The Rugby Football League talks tough and big on wanting to spread the appeal of Rugby League, yet it still acts as if it is the centre point of an old boys network, where you can expect leniency if you are employed by a club who are 'on the inside' yet you should expect to be thrown to the wolves if your club is not one of the chosen few..

We have a ridiculously small pool of top level referees. The RFL constantly talk of the shortage of match officials, yet they do nothing to attract new referees to the sport.

They talk of wanting to build the game steadily, yet they choose to ignore the many healthy developing clubs in the south of England, in the north east, and indeed in Scotland, and instead super impose a club on the communities of south Wales, and they propel a second rate french team into the elite of the sport without having given the logistics involved even the merest of a second glance..

Cheap and easy headlines are great in the short term, but they do nothing for the long term future and the viability and solidity of our great game.

What the RFL should be doing is breaking the influence of the usual suspects within the game (Leeds, Bradford, Wigan, St Helens) in terms of the way in which the game is run and its rules implemented, and making the game more democratic to all clubs within the RFL family, with fairness and developmental assistance being made more readily available to all in order to ensure that these up and coming amateur and low level league clubs have targets to aim for.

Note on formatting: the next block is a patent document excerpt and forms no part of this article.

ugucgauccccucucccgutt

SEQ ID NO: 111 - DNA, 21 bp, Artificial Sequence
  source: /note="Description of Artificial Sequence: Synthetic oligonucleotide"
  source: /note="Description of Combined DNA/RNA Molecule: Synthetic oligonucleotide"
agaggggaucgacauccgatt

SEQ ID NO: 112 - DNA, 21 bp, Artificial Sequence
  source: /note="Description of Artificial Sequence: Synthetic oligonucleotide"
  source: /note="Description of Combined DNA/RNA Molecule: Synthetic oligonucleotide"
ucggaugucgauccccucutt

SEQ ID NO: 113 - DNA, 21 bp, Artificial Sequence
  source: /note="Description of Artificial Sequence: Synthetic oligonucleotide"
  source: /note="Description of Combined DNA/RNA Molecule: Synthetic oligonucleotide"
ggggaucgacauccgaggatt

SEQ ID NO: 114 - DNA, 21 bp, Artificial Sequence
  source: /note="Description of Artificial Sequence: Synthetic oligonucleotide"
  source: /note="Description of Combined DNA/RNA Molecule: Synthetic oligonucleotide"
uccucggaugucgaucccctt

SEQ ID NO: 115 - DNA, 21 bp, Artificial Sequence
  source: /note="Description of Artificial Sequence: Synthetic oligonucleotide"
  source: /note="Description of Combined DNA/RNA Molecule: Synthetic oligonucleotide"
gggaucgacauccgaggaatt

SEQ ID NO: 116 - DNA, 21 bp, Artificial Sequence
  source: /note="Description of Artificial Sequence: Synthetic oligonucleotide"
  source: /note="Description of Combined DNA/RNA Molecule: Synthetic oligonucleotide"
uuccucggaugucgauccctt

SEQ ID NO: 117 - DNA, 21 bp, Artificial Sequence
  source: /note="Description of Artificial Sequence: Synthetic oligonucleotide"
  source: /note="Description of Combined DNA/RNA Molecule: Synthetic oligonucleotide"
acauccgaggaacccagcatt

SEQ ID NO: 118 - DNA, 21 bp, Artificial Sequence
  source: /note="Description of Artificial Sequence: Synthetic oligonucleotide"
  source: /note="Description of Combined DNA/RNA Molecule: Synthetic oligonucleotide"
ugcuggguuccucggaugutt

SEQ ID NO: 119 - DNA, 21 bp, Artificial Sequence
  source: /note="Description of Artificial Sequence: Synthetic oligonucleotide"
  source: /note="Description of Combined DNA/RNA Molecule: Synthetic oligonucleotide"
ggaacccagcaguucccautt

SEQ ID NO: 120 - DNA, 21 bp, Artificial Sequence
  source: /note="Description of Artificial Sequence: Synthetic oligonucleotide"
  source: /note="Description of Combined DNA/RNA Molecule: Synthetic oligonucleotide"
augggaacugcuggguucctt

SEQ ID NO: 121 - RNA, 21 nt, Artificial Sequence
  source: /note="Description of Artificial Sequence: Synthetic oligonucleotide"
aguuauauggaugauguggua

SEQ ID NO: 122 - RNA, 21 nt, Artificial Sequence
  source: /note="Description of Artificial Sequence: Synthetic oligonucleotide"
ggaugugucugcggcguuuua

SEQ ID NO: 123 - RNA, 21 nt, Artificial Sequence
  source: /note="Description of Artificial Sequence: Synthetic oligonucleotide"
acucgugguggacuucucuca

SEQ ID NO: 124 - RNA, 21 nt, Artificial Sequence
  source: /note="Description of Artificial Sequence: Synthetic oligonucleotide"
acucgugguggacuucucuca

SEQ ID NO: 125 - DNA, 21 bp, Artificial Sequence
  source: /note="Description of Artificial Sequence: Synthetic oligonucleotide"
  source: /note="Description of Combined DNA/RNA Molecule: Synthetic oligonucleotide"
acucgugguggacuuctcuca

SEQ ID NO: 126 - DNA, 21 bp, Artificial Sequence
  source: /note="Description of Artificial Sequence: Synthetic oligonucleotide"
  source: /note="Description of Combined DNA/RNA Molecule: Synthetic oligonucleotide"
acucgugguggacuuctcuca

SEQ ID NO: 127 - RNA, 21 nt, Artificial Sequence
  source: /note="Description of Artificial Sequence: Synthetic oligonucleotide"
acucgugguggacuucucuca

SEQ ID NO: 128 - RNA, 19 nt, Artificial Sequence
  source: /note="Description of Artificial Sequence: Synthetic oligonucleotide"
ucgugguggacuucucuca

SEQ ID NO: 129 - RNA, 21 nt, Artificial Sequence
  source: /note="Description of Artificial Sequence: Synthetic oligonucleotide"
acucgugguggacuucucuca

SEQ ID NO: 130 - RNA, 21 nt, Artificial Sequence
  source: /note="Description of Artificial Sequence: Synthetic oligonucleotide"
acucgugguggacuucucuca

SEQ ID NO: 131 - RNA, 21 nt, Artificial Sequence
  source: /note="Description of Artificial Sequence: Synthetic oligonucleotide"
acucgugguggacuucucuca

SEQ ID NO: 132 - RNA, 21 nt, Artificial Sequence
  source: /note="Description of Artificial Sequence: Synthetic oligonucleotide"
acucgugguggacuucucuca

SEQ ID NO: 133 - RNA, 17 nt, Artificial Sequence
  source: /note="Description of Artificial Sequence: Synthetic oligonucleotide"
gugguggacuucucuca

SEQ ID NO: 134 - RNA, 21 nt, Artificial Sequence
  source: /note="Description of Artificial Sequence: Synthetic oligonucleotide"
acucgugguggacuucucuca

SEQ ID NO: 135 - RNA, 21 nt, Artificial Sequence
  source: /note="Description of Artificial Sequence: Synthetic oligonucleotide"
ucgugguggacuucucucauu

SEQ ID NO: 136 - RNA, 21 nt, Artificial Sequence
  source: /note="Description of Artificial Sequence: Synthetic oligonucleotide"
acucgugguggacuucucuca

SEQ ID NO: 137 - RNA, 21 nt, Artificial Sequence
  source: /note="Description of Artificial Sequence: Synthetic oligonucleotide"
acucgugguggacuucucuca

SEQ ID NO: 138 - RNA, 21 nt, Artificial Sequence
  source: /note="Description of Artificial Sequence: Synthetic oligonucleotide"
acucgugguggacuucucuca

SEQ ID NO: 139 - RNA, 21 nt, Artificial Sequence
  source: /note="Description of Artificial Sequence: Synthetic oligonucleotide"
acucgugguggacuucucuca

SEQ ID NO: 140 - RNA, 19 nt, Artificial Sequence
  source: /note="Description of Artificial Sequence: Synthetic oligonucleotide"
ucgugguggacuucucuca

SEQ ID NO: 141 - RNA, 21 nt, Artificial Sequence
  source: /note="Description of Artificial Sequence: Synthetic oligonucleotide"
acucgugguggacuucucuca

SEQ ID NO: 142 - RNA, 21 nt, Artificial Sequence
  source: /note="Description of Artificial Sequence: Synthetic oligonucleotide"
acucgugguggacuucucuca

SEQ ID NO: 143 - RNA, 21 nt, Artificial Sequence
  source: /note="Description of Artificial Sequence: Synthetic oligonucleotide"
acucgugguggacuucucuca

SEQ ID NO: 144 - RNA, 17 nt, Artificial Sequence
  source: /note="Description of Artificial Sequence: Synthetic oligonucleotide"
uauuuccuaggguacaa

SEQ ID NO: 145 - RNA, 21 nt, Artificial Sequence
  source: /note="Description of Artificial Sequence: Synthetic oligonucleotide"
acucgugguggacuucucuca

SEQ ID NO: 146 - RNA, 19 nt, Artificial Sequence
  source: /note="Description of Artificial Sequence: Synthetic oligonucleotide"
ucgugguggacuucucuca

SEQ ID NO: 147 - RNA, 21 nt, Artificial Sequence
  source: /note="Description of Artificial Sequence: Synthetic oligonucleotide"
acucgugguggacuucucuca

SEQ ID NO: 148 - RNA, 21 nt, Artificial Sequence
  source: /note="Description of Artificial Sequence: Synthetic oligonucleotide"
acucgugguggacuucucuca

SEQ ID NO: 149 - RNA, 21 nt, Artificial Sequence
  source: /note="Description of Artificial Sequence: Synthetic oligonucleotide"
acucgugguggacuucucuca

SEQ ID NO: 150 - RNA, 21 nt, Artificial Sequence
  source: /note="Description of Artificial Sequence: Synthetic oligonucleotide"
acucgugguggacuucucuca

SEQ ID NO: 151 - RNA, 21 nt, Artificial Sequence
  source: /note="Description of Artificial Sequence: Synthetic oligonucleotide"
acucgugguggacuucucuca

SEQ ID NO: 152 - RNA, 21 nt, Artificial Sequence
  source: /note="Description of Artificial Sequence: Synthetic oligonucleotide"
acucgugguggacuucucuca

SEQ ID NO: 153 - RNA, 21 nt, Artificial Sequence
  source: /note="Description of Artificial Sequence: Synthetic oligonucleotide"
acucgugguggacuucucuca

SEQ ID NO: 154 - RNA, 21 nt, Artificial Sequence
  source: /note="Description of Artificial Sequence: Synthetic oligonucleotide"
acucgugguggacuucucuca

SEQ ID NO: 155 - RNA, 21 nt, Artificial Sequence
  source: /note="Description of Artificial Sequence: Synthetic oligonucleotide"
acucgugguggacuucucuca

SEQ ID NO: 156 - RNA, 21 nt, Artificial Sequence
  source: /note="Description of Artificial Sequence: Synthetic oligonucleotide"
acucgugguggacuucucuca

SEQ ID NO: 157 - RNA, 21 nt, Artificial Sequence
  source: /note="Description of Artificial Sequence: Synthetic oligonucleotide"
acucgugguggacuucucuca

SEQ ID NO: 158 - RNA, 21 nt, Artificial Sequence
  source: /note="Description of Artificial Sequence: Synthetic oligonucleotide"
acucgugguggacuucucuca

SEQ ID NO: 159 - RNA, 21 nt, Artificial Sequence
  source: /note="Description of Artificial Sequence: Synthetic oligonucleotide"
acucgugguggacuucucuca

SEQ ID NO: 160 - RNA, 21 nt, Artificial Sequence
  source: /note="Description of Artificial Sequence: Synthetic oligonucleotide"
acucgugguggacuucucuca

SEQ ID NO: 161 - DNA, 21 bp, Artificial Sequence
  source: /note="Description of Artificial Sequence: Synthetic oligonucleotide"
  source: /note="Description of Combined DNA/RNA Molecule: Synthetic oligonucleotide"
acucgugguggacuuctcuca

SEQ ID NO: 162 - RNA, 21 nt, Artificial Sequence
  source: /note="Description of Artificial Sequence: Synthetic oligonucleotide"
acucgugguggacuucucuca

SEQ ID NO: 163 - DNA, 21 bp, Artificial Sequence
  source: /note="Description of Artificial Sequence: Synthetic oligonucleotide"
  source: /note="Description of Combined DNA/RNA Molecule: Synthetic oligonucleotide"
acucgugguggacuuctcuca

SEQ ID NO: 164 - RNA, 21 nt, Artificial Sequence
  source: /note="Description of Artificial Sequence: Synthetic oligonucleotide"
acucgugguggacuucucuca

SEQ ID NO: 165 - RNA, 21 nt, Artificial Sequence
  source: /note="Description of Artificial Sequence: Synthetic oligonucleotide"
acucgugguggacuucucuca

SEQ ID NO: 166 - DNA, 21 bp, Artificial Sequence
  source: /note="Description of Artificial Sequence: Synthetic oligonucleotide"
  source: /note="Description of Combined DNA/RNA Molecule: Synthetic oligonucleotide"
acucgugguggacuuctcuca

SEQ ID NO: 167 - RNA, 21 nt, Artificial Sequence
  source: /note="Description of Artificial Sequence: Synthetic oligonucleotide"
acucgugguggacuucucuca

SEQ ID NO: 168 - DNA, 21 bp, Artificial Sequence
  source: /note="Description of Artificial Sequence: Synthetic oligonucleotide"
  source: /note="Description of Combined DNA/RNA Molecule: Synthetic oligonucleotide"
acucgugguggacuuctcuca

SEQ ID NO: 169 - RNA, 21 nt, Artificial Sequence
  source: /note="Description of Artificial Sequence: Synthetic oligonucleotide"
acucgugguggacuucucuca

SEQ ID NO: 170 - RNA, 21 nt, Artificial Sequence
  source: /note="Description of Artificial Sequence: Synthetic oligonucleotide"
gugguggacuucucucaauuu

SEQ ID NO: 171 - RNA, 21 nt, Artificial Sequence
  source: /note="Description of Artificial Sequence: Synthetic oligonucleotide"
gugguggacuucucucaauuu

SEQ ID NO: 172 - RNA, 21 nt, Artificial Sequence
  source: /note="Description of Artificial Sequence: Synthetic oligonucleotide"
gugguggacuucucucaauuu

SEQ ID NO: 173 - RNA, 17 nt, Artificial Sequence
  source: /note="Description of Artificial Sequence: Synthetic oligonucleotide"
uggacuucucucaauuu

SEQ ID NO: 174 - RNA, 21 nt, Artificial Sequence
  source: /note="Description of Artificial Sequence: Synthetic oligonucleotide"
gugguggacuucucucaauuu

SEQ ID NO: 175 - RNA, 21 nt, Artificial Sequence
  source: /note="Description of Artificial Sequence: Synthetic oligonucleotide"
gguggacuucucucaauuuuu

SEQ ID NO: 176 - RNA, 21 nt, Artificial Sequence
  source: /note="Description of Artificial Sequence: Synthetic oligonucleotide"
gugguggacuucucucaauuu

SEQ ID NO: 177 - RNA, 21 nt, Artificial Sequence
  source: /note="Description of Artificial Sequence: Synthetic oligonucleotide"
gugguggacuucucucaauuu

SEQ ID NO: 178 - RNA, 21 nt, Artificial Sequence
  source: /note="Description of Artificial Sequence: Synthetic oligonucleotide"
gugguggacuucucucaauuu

The league should also be widening the pool of elite level referees. They could learn many lessons from our friends at the RFU in this respect. Their refereeing programmes leave the RFL languishing in the dark ages, and their level of organisation is simply light years ahead.

They should be identifying the promising clubs in terms of untouched territory and local talent, and building them up SLOWLY and STEADILY, allowing them to build up a local following that is loyal, and that will make it worthwhile staging games by providing respectable attendance figures (Harlequins RL for example rarely manage attendances that exceed 3000, despite being in London!!)

It will also build local dynasties of Rugby League players and families. The game can only truly establish itself within new communities when it is allowed to put down deep and sturdy roots. No disrespect to the players and staff of Celtic Crusaders and Catalan Dragons, but this has not happened in Wales and France.